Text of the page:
The contractors were asked to provide the longest length they had installed in a single drive with pipes of different materials. Fifty percent of the contractors surveyed reported using vitrified clay pipe on their projects. It was observed that 70 percent of the contractors that had used PTMT with VCP pipe recorded their longest drive lengths above 300 ft. Steel pipe was used by 80 percent of the contractors on at least one of their projects. 70 percent of the contractors that used steel pipe recorded their longest drives above 400 ft. The longest drive length among the surveyed projects was 550 ft in which a contractor used steel pipe. Only two of the contractors reported installing concrete pipes with PTMT. The longest drive length, as reported by one contractor, using concrete pipes was 500 ft. It is interesting to note that a drive length of 400 ft had been achieved with HDPE pipe using the hybrid PTMT-horizontal directional drill method.
The survey also asked the contractors to rate risks associated with certain factors and conditions affecting PTMT installations. Table 1 summarizes the results; the rankings were on a scale between 1 and 10 with 10 being the highest level of risk. Survey results indicated that the risk associated with damaging the product pipe and adjacent utilities during an installation had the lowest risk rankings. Approximately, 82 percent of the contractors perceived the damaging of the product pipe as a low risk with an overall risk ranking of 2.2. The highest risks were associated with ground conditions. Sixty eight percent of the contractors indicated clay and silty soils were low risk with a risk ranking of 2.7, while sand and gravel had a much higher risk with a ranking of 6.0, and cobbles and boulders had the highest risk ranking with a score of 9.5, with 91 percent of the contractors indicating it was high risk. While the technology is well applicable in medium to dense sands above the water table, the applicability is marginal in very loose to loose sands above the water table and medium to dense sands below the water table.
The pilot tube microtunneling method while relatively new to North America, has seen an increase in utilization between 2006 and 2010, while more traditional methods of trenchless installation have seen a minor decrease in utilization over the same time. This technology is ideal for the installation of pipe on tight line and grade for installation lengths generally used between manholes in a municipal setting. As the need to replace buried pipe infrastructure in urban areas increase, it is expected that pilot tube microtunneling will see an increase in utilization due to its low impact and small footprint of operation.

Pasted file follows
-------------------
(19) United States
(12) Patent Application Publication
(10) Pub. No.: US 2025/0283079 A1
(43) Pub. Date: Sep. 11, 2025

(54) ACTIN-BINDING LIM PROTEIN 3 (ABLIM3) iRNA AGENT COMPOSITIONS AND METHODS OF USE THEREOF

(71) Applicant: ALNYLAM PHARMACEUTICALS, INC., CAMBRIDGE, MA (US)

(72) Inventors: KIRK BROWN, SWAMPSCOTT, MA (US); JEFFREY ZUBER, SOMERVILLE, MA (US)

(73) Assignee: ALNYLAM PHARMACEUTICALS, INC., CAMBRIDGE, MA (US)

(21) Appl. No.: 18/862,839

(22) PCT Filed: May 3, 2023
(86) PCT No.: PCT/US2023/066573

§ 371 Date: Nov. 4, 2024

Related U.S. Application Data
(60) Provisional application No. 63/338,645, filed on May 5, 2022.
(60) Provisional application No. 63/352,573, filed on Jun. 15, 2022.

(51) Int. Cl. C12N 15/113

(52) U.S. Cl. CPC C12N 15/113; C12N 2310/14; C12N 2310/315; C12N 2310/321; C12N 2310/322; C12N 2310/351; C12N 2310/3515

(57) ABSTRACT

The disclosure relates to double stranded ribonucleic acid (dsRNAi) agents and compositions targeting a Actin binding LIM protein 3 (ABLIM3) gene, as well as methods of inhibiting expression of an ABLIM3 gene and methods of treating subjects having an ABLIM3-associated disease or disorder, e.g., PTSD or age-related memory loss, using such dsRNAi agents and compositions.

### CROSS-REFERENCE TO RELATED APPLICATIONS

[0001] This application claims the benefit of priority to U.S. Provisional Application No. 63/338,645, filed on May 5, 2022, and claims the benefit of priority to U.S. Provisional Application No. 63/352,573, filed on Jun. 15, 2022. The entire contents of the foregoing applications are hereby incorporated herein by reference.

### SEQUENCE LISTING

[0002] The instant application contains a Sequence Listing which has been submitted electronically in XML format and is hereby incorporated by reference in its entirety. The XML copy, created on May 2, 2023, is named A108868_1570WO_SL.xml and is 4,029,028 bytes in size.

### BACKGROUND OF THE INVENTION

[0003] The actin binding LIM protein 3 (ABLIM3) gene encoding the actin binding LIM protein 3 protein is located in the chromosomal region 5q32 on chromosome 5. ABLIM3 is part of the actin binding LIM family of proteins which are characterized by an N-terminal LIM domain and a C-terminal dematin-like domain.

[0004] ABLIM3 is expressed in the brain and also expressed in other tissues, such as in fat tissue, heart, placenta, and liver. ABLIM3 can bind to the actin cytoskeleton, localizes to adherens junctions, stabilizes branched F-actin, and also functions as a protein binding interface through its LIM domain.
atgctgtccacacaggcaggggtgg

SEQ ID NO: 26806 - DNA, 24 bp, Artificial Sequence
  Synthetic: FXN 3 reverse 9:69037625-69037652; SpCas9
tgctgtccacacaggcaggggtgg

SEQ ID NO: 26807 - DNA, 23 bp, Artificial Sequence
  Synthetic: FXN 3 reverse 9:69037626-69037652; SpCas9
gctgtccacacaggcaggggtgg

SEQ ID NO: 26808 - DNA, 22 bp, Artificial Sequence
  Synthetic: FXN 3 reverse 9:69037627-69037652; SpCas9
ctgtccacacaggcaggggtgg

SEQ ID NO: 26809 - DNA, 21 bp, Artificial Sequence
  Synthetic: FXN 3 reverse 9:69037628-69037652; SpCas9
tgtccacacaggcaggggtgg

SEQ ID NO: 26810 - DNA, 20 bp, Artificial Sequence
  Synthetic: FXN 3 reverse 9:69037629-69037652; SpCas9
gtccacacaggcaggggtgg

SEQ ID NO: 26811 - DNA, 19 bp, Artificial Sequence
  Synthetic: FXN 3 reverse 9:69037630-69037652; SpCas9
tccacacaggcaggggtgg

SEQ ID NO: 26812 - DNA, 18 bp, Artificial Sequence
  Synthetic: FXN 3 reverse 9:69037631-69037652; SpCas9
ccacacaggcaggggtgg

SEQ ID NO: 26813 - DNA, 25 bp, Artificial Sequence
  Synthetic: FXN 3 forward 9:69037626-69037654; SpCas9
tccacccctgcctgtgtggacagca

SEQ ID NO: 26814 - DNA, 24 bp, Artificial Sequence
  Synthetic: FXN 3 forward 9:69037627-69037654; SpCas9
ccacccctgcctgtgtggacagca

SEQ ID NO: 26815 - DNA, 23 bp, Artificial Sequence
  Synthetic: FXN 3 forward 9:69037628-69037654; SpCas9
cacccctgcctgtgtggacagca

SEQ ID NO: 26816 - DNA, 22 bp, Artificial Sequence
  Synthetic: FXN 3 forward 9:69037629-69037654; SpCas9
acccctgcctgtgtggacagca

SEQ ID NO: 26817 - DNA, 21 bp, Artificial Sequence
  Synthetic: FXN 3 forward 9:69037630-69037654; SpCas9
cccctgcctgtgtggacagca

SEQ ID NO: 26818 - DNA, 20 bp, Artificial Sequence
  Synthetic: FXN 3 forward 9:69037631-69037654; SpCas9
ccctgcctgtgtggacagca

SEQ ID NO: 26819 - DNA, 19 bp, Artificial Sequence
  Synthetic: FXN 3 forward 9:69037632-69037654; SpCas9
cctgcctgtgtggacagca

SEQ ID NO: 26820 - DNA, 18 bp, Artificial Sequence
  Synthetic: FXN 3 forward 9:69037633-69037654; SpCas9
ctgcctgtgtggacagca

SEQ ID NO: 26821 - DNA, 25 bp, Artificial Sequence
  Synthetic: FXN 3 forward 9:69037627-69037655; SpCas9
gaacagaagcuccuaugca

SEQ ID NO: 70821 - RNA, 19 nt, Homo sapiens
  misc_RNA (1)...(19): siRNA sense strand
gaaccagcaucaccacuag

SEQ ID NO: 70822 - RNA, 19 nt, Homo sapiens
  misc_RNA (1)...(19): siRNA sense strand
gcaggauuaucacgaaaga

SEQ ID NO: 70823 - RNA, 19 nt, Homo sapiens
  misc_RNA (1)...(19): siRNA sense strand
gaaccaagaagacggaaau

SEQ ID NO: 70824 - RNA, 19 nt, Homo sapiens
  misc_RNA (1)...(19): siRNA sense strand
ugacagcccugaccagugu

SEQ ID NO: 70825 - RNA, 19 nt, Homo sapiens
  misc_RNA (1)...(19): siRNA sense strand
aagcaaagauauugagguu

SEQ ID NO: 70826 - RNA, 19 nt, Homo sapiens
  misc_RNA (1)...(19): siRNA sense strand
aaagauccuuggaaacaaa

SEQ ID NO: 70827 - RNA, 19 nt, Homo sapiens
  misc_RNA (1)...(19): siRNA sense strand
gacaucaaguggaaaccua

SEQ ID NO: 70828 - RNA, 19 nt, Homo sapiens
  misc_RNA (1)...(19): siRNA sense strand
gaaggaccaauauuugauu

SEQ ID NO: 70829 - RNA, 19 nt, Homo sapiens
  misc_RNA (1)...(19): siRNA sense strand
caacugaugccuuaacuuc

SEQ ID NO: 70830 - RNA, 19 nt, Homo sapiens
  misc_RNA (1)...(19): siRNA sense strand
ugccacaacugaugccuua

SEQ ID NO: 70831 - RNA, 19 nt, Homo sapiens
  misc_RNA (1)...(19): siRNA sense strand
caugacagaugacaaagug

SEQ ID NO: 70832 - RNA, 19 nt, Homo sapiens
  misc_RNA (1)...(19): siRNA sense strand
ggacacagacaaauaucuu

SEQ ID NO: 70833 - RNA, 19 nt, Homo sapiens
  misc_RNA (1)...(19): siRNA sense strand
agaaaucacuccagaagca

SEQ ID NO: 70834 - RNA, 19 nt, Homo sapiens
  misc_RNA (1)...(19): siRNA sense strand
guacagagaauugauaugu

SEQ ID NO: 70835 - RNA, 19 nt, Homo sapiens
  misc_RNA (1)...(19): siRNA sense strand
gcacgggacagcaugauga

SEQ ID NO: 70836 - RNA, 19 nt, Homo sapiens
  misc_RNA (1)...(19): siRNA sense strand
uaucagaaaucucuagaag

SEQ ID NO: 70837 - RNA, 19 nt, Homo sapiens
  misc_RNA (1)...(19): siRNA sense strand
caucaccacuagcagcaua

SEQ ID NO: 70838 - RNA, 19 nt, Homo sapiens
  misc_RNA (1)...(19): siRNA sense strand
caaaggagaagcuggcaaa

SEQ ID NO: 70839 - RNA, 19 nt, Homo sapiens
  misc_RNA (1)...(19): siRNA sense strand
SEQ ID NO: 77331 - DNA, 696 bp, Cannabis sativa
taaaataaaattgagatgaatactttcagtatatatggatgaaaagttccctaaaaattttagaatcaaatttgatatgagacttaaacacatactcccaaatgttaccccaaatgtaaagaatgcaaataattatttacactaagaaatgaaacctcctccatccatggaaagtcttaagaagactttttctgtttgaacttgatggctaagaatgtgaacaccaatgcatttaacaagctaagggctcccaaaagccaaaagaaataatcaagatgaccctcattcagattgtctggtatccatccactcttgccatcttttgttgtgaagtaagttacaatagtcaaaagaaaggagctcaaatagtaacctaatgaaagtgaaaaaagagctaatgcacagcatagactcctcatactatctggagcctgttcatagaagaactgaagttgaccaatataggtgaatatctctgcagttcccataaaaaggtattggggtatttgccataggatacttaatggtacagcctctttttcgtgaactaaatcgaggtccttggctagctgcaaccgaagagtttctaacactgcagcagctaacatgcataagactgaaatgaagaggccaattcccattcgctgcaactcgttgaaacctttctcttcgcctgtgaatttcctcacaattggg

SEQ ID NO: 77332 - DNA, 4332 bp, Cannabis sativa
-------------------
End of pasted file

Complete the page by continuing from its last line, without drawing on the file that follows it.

The authors would like to express their gratitude and appreciation to Jeff Boschert with the National Clay Pipe Institute for his guidance and assistance in developing the survey, providing contact information and educating us in the art and science of pilot tube microtunneling.
The authors also want to express thanks to the following contractors for their participation in the survey: Aaron Enterprises Inc., York, Pa.; Armadillo Underground Inc., Salem, Ore.; B Trenchless, Henderson, Colo.; Blevins Road Boring, Hudson, Fla.; Bore Master, Inc., Pewaukee, Wis.; Bradshaw Construction Corp., Elliot City, Md.; Brannan Construction Co., Denver; Calgary Tunneling, Calgary, AB, Canada; Claude H. Nix. Construction Co. Inc., Ogden, Utah; Frank Coluccio Construction, Seattle; Kamloops Augering & Boring Ltd., Kamloops, BC, Canada; Magnum Tunneling & Boring, LLC., Houston; Midwest Mole Inc., Indianapolis, IN; North Core, Fargo, N.D.; Pacific Boring Inc., Caruthers, Calif.; Riley Contracting Inc., Norwalk, Ohio; Roddie Inc., Morgan Hill, Calif.; Specialized Services Co., Phoenix; Super Excavators Inc., Menomonee Falls, Wis.; T&D Trenchless, Murrieta, Calif.; and Wayne Arnold Road Boring Co., Smackover, Ark.
Dr. Jason S. Lueke, Ph.D., PEng is an assistant professor at Arizona State University, Del E. Webb School of Construction. Vamseedhar Gottipati, M.S., is BIM scheduler for Enclos Corp, Eagan, Minn.